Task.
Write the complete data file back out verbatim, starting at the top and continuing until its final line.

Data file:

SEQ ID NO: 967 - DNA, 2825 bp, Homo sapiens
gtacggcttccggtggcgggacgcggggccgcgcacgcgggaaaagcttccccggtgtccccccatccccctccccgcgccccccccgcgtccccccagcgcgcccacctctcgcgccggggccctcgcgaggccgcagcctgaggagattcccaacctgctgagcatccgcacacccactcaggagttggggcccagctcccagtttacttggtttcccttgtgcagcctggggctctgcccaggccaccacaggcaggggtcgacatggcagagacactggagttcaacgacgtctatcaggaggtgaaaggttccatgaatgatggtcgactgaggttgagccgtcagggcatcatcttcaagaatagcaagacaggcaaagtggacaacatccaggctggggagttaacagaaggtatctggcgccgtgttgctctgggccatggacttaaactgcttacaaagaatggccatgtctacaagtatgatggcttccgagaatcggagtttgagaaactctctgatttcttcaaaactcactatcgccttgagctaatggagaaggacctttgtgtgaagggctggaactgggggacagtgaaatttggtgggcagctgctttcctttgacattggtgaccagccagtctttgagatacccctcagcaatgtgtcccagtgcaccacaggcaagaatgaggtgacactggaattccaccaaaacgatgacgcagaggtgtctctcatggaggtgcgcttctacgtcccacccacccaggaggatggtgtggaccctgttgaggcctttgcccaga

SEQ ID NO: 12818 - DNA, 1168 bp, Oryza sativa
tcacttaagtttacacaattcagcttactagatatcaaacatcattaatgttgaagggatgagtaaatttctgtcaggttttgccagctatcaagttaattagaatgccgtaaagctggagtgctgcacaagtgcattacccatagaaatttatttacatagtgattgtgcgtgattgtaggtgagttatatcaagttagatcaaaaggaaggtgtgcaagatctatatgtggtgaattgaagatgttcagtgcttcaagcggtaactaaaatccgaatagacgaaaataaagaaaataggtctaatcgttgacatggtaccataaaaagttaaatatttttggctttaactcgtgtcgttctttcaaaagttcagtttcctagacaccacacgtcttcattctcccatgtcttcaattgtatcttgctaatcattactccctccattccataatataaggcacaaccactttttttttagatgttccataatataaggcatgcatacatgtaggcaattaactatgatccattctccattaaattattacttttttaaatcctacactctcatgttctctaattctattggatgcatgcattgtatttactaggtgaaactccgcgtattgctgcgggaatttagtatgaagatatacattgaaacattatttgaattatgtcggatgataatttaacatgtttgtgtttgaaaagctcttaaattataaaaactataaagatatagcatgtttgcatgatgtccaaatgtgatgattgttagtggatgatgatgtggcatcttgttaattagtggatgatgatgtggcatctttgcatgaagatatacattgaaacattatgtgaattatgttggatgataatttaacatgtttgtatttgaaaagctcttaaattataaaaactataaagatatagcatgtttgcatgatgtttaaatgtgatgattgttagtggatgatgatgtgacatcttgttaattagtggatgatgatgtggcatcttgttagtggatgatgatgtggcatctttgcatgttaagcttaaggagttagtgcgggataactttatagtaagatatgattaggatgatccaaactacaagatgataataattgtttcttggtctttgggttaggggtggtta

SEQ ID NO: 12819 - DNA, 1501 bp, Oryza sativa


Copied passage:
SEQ ID NO: 967 - DNA, 2825 bp, Homo sapiens
gtacggcttccggtggcgggacgcggggccgcgcacgcgggaaaagcttccccggtgtccccccatccccctccccgcgccccccccgcgtccccccagcgcgcccacctctcgcgccggggccctcgcgaggccgcagcctgaggagattcccaacctgctgagcatccgcacacccactcaggagttggggcccagctcccagtttacttggtttcccttgtgcagcctggggctctgcccaggccaccacaggcaggggtcgacatggcagagacactggagttcaacgacgtctatcaggaggtgaaaggttccatgaatgatggtcgactgaggttgagccgtcagggcatcatcttcaagaatagcaagacaggcaaagtggacaacatccaggctggggagttaacagaaggtatctggcgccgtgttgctctgggccatggacttaaactgcttacaaagaatggccatgtctacaagtatgatggcttccgagaatcggagtttgagaaactctctgatttcttcaaaactcactatcgccttgagctaatggagaaggacctttgtgtgaagggctggaactgggggacagtgaaatttggtgggcagctgctttcctttgacattggtgaccagccagtctttgagatacccctcagcaatgtgtcccagtgcaccacaggcaagaatgaggtgacactggaattccaccaaaacgatgacgcagaggtgtctctcatggaggtgcgcttctacgtcccacccacccaggaggatggtgtggaccctgttgaggcctttgcccaga

SEQ ID NO: 12818 - DNA, 1168 bp, Oryza sativa
tcacttaagtttacacaattcagcttactagatatcaaacatcattaatgttgaagggatgagtaaatttctgtcaggttttgccagctatcaagttaattagaatgccgtaaagctggagtgctgcacaagtgcattacccatagaaatttatttacatagtgattgtgcgtgattgtaggtgagttatatcaagttagatcaaaaggaaggtgtgcaagatctatatgtggtgaattgaagatgttcagtgcttcaagcggtaactaaaatccgaatagacgaaaataaagaaaataggtctaatcgttgacatggtaccataaaaagttaaatatttttggctttaactcgtgtcgttctttcaaaagttcagtttcctagacaccacacgtcttcattctcccatgtcttcaattgtatcttgctaatcattactccctccattccataatataaggcacaaccactttttttttagatgttccataatataaggcatgcatacatgtaggcaattaactatgatccattctccattaaattattacttttttaaatcctacactctcatgttctctaattctattggatgcatgcattgtatttactaggtgaaactccgcgtattgctgcgggaatttagtatgaagatatacattgaaacattatttgaattatgtcggatgataatttaacatgtttgtgtttgaaaagctcttaaattataaaaactataaagatatagcatgtttgcatgatgtccaaatgtgatgattgttagtggatgatgatgtggcatcttgttaattagtggatgatgatgtggcatctttgcatgaagatatacattgaaacattatgtgaattatgttggatgataatttaacatgtttgtatttgaaaagctcttaaattataaaaactataaagatatagcatgtttgcatgatgtttaaatgtgatgattgttagtggatgatgatgtgacatcttgttaattagtggatgatgatgtggcatcttgttagtggatgatgatgtggcatctttgcatgttaagcttaaggagttagtgcgggataactttatagtaagatatgattaggatgatccaaactacaagatgataataattgtttcttggtctttgggttaggggtggtta

SEQ ID NO: 12819 - DNA, 1501 bp, Oryza sativa